- Tomoyuki Yokota (former Deputy Prosecutor-General, Supreme Public Prosecutors Office)
- Shuji Iwamura (Chief Prosecutor, Tokyo District Public Prosecutors Office)
- Toshiki Kaifu (the 76th and 77th Prime Minister / former Chairman,the Liberal Democratic Party)
- Saburo Tsukamoto (former Chairman, now-defunct“Minshato”─the Democratic Socialist Party)
- Sadao Yamahana (former Chairman, the Japan Socialist Party)
- Masahiko Kōmura (Minister for Foreign Affairs)
- Okiharu Yasuoka (Minister of Justice)
- Toshihiro Nikai (Minister of Economy, Trade and Industry)
- Kunimatsu Hamada (former Chairman, the House of Representatives)
- Hirofumi Hirano (Chief Cabinet Secretary, the House of Representatives)
- Yonezo Maeda(former Seiyukai leader / former Minister of Railways / lawyer)
- Shigeru Hori (former Chairman, the House of Representatives)
- Yoshimori Yoneda (the founder of Kanagawa University)
- Osamu Inaba (former Minister of Justice, Lockheed bribery scandals / former Professor, Chuo University)
- Yoshimi Watanabe (former Minister,State for Financial Policy and Administrative Reform)
- Ichita Yamamoto(House of Councilors member)
- Hideo Usui (former Minister of Justice)
- Yoshihiko Tsuchiya (former Governor Saitama Prefecture, Upper House Speaker)
- Masaaki Kanda (Governor, Aichi Prefecture)
- Fumio Ueda (Mayor, Sapporo city / lawyer)
- Yorikane Masumoto (former Mayor, Kyoto city)
- Hwang Jang-yop (North Korean defector; dropped out of the law school in 1944.)
- Hiroshi Saitō (mayor of Tokorozawa, Saitama)
- Hasegawa Nyozekan
- Sojinkan Sugimura
- Genji Shibukawa
- Shunosuke Inada
- Gennosuke Yokoyama
- Sanshiro Ishikawa
- Bungo Sakurada
- Sozo Matsuura
- Chiyumi Hioki (fashion journalist)
- Yang Ho-Min (former Chosun Ilbo columnist; 1992 Ho-Am Prize recipient)
- Kiminobu Hashimoto (former Member, The Japan Academy / Honorary Professor of Constitutional Law, Chuo University)
- Hachiro Sugimoto (Medicinal Chemist, Ph.D. / Visiting Professor, Graduate School of Pharmaceutical Sciences, Kyoto University)
- Kazuyuki Nagai (President and Chancellor, Chuo University)
- Tsutomu Fuse (President, Yokohama City University)*Akira Fuse is his little brother.
- Yoshiaki Ishizawa (President, Sophia University)
- Kenzo Kitakata
- Go Ousaka (Naoki Prize)
- Kageki Shimoda (Naoki Prize)
- Yoshie Wada (Naoki Prize)
- Kazumasa Hirai
- Junji Yamagiwa
- Sen Saga (lawyer)
- Kazuo Koike
- Ken Akamatsu (manga artist)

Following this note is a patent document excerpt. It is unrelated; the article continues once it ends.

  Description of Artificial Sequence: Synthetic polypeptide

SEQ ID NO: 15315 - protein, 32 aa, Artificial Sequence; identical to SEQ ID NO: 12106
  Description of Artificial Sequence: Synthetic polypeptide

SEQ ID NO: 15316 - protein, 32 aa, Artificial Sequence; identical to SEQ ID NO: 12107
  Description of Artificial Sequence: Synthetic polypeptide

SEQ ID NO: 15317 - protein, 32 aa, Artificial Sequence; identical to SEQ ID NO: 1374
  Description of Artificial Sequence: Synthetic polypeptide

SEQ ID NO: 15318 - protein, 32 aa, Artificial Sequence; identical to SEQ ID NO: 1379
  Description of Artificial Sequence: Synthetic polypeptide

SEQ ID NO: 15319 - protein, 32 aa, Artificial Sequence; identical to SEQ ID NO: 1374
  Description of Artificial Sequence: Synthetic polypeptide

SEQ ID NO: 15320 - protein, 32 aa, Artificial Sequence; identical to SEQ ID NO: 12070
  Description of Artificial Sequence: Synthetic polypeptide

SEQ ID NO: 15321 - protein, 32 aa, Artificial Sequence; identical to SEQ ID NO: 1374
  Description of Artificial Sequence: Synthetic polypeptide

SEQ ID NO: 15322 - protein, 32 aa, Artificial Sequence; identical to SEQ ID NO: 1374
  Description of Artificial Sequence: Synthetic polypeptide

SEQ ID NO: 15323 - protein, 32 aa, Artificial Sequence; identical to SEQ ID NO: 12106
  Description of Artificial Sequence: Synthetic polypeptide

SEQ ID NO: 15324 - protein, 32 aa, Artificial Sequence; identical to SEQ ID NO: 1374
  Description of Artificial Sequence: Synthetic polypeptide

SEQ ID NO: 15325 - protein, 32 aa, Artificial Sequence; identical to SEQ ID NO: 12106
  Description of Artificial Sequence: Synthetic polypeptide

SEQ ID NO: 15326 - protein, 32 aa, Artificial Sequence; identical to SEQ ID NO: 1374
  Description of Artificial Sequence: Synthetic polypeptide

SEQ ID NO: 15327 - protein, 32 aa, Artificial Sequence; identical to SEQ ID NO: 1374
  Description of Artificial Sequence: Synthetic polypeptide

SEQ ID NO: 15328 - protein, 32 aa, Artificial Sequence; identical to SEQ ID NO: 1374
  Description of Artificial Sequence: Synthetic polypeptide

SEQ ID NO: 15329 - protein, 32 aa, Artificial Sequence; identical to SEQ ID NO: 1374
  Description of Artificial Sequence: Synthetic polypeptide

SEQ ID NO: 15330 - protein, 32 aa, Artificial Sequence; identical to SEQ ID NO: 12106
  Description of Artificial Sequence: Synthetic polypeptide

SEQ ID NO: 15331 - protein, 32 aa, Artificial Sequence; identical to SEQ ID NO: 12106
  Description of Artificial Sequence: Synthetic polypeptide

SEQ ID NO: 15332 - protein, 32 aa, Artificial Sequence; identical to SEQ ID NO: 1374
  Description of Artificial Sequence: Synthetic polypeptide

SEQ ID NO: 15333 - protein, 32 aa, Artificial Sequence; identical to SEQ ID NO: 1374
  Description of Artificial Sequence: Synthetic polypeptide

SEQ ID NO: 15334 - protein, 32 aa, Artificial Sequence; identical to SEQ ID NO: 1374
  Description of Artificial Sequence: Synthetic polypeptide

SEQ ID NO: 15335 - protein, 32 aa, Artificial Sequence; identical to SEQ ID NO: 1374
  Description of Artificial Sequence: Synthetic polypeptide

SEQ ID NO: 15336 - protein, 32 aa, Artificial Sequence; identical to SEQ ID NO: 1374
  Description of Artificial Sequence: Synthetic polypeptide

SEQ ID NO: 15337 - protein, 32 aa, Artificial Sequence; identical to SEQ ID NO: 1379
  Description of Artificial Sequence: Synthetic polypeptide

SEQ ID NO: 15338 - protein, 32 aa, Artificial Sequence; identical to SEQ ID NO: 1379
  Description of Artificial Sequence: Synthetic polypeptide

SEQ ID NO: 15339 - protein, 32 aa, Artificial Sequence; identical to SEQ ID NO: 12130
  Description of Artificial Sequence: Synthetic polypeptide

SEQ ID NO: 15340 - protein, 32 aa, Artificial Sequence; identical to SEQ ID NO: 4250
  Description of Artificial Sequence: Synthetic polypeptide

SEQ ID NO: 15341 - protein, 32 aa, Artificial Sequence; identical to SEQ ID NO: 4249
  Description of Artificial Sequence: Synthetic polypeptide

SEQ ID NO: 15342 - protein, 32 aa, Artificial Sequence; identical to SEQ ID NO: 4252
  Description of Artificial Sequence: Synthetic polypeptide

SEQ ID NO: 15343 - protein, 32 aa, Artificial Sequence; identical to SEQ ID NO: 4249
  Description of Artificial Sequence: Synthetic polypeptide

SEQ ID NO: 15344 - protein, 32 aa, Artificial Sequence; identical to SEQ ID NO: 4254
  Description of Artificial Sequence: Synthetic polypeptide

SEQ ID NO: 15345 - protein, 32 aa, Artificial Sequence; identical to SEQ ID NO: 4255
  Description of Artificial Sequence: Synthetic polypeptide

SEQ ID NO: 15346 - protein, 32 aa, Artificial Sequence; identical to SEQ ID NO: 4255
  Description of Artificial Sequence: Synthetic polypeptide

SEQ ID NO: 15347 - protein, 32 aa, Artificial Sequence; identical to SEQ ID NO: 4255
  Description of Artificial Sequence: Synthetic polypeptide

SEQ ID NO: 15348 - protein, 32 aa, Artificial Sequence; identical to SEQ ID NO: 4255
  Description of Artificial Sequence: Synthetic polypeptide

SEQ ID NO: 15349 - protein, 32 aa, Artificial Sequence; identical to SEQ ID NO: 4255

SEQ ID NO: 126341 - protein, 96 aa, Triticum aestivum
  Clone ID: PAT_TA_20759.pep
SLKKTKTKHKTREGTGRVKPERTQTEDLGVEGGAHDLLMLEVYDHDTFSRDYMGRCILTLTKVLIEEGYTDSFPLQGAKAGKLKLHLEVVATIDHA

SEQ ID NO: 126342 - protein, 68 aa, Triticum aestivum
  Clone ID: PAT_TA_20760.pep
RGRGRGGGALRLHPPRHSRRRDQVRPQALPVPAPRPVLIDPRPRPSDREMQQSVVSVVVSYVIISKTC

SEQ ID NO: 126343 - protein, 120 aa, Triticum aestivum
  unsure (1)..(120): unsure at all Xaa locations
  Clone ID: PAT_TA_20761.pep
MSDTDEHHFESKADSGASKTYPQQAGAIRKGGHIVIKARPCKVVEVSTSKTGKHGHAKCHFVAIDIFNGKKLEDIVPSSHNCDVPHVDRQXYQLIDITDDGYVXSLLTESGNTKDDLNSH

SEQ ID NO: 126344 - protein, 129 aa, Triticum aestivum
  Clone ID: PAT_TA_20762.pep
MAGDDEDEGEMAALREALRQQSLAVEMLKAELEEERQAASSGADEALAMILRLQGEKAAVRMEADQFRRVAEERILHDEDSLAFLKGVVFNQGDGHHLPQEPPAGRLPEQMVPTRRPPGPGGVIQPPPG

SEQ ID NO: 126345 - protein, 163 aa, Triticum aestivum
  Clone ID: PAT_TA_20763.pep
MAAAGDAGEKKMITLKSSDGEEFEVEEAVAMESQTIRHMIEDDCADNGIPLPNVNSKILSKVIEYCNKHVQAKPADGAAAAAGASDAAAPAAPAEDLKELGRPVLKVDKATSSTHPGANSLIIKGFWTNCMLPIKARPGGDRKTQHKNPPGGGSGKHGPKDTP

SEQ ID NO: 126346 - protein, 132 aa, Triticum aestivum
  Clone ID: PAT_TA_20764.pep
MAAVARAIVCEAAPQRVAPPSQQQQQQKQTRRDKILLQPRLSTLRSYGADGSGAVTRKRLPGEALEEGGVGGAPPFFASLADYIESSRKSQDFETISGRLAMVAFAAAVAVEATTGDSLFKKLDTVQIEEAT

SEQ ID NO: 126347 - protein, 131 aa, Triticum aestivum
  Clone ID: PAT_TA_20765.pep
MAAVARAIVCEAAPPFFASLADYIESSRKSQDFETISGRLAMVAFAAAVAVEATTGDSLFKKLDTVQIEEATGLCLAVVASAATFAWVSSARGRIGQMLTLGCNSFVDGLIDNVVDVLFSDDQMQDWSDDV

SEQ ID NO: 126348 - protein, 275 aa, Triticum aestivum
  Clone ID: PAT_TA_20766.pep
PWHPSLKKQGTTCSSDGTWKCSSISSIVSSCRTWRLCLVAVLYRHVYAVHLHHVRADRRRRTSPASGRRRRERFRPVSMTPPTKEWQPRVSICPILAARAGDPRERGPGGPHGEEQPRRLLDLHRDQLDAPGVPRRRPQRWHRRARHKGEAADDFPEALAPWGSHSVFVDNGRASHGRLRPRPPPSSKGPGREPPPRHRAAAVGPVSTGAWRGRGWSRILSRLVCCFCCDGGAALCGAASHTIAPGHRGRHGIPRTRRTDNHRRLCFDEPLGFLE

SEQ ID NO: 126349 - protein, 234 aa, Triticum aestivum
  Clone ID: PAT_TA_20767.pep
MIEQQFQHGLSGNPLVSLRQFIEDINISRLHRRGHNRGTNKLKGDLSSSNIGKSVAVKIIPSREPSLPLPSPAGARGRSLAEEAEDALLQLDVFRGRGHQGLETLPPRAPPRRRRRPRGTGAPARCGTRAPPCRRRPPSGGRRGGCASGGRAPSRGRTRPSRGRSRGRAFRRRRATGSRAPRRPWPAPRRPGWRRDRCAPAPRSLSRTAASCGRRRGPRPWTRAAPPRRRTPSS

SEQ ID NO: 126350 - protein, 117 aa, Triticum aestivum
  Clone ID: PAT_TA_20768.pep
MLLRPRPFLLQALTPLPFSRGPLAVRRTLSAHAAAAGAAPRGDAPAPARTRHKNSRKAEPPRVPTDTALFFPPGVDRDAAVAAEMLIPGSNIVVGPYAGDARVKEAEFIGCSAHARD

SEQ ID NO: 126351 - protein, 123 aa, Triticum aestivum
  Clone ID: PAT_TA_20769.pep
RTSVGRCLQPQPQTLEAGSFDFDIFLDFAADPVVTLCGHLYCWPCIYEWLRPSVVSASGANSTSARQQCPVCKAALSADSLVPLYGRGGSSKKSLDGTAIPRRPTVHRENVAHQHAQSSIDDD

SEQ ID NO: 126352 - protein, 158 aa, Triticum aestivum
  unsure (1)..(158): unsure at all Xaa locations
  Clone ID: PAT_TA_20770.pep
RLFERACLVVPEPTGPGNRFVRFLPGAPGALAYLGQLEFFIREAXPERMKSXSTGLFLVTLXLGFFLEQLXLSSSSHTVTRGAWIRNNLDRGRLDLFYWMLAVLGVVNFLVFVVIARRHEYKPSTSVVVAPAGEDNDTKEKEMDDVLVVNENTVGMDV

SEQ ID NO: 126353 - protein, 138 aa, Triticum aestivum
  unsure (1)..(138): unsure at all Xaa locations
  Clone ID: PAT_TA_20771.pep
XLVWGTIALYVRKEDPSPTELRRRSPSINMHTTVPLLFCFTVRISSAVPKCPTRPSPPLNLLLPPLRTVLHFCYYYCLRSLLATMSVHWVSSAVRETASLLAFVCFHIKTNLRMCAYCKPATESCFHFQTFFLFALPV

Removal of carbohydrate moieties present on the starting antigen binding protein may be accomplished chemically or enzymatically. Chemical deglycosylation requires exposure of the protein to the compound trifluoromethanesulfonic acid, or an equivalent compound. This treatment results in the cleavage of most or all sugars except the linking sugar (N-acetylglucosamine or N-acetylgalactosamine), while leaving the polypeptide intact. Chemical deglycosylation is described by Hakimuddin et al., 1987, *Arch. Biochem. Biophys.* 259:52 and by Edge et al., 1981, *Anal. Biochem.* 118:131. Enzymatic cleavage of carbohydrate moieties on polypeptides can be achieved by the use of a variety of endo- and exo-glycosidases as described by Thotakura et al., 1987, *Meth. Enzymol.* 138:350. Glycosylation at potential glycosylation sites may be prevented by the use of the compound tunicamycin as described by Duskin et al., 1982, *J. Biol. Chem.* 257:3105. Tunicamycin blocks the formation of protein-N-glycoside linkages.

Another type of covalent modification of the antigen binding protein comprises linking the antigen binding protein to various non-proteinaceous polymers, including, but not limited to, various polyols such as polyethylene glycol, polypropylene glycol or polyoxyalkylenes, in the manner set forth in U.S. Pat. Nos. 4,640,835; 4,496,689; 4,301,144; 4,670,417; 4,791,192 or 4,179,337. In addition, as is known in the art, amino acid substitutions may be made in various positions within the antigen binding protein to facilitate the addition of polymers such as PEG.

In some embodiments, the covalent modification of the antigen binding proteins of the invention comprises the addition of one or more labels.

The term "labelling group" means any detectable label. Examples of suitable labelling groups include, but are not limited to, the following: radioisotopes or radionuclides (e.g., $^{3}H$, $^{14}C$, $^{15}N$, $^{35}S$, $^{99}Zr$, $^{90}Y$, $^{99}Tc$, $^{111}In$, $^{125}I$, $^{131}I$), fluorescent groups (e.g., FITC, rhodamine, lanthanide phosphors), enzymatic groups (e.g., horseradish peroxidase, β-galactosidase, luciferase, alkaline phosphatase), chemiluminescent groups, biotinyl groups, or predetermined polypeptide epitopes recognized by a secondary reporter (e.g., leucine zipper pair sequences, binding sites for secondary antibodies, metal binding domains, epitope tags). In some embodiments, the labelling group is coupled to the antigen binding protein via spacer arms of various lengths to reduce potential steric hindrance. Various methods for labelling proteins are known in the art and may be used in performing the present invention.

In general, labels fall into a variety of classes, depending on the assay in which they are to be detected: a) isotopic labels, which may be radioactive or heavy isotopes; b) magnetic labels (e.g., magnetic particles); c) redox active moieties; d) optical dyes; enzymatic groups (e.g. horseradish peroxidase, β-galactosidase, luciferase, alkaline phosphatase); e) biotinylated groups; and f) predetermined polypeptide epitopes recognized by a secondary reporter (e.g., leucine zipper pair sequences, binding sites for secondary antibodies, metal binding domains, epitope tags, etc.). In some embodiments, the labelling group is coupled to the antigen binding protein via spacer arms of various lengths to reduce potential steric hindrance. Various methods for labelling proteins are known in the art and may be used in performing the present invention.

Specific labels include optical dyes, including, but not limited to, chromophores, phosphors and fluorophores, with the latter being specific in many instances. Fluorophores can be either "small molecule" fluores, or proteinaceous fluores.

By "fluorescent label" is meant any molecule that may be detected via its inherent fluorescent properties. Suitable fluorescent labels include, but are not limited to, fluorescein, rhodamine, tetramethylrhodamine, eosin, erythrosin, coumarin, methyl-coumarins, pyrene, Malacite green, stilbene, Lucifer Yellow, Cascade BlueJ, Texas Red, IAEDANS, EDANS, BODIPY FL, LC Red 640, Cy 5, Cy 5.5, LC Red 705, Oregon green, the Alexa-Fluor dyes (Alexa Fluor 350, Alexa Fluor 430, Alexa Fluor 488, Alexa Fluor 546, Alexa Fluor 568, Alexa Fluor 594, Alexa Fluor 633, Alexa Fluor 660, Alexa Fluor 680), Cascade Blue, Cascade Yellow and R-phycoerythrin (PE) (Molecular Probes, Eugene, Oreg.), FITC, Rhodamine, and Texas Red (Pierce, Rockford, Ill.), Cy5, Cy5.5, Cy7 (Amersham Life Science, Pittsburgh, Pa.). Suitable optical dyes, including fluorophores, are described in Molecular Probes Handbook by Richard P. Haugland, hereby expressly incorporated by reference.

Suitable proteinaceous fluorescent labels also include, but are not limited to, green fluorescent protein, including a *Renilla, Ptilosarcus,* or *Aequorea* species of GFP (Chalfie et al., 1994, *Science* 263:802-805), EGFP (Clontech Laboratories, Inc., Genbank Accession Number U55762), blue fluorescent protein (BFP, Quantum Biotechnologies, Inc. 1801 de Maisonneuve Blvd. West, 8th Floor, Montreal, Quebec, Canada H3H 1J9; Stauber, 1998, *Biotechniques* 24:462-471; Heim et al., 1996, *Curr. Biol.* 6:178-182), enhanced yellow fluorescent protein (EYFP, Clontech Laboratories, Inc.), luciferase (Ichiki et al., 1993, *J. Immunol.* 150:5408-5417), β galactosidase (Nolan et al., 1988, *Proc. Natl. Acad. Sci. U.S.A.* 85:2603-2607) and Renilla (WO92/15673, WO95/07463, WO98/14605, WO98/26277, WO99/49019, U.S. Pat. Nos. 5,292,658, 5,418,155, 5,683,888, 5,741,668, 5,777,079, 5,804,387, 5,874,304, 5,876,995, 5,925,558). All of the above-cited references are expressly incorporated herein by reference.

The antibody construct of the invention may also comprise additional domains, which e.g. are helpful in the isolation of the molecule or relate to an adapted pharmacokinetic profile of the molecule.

- Masashi Ueda (manga artist)
- Kiyoshi Ichimura (the founder of Ricoh Co.,Ltd.)
- Hiroshi Okawa (the founder of Toei Company Co.,Ltd.)
- Kensuke Matano (former President and chairman, Iino Kaiun Kaisha, Ltd.)
- Fujio Mitarai (Chairman & CEO, Canon Co.,Ltd. / Chairman, “Nippon Keidanren”Japan Business Federation)
- Toshifumi Suzuki (Chairman & CEO, Seven & i Holdings Co.,Ltd. / former Chairman of the Board of Trustees, Chuo University )
- Shuji Hisano (President and chairman, Ensuiko Sugar Refining Co.,Ltd. / Chairman of the Board of TrusteesPresident, Chuo University)
- Jotaro Takagi (former President and chairman, Mitsubishi Estate Co., Ltd. / President, Dai-nippon Karete-do Shoto-kai)
- Yoshio Sasaki (former President, Nippon Television / former Vice President, Yomiuri Shinbun)
- Sueyoshi Takahashi (former President, Kinden Co.,Ltd.)
- Osamu Suzuki (Chairman & CEO, Suzuki Motor Co.,Ltd.)
- Kensho Kusumi (former Executive Vice President, Nissan Co.,Ltd.)
- Hiroo Mizushima (Former chairman, Sogo Co.,Ltd.)
- Akihiko Otsuka (the Otsuka Group, former President Otsuka Pharmaceutical Co.,Ltd.)
- Hisao Oguchi (Vice President, SEGA Co.,Ltd.)
- Makoto Naruke (former President, Microsoft Japan Co.,Ltd.)
- Shinobu Osako (former President, Zenrin Co.,Ltd.)
- Keiji Okoso (former President Nippon Ham Co.,Ltd. / owner, Nippon Ham Fighters)
- Hirotada Kotaki (Chairman, TOHAN Co.,Ltd.)
- Naoki Adachi (President & CEO, TOPPAN PRINTING Co.,Ltd.)
- Koji Miyauchi (former president and chairman, Yamato Transport Co.,Ltd.)
- Keiji Aritomi (former president and chairman, Yamato Holdings Co.,Ltd. / Yamato Transport Co.,Ltd.)
- Kaoru Seto (Chairman, Yamato Holdings Co.,Ltd. / Yamato Transport Co.,Ltd.)
- Hiroshi Hayakawa (Vice President, TV Asahi Co.,Ltd.)
- Hiroshi Yanai (Chairman, President & CEO, Pia Co.,Ltd.)
- Kazuo Komatsuzaki (President, Sports Hochi Co.,Ltd.)
- Masahiro Ouga (President, Shougakukan Co.,Ltd.)
- Fumiaki Shikatani (President, Diamond, Inc.)
- Kazutoshi Tsukada (President, Fukuinkan Shoten Publishers, Inc.)
- Kazunori Kataoka (President, AIG Edison Life Insurance Co.,Ltd.)
- Seiki Tokuni (Chairman, AIG Star Life Insurance Co.,Ltd.)
- Shigeru Myojin (former Vice Chairman, Salomon Brothers)
- Akio Dobashi (Chairman, Sojitz Co.,Ltd.)
- Nanaumi Hideyuki (CEO, Morningstar Japan)
- Koichi Kane (President, Mitsubishi Securities Co.,Ltd.)
- Tsutomu Yoneyama (President, YONEX Co.,Ltd.)
- Tadao Kojima (Directors President, Daiwa Seiko, Inc.)